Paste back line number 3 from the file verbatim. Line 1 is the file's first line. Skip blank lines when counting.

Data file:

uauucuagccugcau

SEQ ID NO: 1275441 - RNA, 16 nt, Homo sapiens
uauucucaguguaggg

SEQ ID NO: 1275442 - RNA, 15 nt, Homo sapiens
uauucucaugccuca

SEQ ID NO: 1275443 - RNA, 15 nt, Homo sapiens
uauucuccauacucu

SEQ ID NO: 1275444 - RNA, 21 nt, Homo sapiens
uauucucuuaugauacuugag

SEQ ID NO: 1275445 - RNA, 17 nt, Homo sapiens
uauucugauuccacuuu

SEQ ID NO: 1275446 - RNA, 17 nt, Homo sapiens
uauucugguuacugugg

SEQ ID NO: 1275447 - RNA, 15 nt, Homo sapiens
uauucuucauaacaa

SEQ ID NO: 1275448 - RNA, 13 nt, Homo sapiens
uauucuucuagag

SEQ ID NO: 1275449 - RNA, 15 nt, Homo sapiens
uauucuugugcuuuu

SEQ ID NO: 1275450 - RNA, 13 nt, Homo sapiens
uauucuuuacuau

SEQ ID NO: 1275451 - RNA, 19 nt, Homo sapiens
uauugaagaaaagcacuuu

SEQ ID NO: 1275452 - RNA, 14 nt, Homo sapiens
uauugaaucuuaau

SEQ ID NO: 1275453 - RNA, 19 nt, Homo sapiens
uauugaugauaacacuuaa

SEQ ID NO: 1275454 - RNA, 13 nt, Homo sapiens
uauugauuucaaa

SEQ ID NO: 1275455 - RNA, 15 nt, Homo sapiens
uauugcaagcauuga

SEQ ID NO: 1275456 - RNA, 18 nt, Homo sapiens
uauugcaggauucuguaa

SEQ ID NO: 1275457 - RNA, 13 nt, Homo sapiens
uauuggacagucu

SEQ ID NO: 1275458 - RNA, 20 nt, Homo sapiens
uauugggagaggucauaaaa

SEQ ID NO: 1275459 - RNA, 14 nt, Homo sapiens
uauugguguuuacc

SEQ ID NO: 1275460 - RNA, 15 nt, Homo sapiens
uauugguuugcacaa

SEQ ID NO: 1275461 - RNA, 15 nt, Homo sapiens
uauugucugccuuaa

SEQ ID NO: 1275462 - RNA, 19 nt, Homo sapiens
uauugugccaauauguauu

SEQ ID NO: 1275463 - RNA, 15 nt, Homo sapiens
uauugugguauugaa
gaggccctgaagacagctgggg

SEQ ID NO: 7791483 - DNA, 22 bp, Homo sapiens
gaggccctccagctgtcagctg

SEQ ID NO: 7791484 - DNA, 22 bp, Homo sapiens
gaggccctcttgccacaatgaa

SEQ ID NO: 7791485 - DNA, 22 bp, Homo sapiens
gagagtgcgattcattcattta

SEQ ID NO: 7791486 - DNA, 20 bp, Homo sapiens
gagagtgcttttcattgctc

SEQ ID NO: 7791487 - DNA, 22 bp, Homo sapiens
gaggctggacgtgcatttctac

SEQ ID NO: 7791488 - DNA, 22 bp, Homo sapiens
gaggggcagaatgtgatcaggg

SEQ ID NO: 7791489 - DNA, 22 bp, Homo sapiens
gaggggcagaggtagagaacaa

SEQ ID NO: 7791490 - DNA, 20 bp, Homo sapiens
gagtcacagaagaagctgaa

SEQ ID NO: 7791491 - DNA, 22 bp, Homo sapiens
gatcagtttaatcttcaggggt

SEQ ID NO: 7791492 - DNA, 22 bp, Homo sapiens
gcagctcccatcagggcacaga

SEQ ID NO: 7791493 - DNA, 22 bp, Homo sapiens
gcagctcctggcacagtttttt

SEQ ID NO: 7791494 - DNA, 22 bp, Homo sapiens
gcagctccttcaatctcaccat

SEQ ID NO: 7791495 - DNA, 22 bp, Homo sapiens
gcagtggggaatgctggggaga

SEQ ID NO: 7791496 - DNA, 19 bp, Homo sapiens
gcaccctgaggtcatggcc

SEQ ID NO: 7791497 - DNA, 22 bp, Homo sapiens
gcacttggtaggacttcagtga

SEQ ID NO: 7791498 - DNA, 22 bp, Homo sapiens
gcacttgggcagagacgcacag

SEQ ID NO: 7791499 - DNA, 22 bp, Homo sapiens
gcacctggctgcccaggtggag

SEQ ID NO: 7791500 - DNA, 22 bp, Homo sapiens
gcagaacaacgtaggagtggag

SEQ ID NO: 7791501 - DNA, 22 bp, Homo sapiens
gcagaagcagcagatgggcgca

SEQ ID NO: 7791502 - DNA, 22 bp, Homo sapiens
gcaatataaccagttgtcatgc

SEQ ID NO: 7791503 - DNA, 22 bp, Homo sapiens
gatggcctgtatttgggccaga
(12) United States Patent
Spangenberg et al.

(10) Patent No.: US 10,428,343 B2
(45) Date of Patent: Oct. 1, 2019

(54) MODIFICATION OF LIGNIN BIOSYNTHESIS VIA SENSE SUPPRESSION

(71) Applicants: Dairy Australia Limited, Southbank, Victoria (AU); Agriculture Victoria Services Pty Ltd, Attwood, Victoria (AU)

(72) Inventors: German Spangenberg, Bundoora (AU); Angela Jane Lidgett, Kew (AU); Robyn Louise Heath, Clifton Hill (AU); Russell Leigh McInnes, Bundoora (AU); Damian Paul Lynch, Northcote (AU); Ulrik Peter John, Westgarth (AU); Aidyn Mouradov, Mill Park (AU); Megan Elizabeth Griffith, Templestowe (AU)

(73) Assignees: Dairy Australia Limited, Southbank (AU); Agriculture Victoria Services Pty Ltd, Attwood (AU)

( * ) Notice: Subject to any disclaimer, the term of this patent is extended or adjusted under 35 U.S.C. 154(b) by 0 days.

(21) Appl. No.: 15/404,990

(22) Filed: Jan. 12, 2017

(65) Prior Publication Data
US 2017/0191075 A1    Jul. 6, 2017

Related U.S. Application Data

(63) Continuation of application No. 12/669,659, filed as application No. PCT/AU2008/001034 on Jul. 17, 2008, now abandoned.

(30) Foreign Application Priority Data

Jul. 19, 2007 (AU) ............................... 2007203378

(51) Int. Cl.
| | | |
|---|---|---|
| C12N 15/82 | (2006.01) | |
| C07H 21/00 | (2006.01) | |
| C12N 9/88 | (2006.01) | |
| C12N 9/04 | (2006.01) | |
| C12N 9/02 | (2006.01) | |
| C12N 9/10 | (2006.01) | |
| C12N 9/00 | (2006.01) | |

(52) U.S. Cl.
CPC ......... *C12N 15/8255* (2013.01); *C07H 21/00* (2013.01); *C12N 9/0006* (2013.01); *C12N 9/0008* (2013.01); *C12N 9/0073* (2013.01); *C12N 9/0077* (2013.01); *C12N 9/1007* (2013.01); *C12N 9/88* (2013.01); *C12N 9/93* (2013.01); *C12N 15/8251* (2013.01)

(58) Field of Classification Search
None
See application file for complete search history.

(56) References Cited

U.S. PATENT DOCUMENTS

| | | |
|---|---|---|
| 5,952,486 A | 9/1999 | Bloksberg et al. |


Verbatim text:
uauucucaguguaggg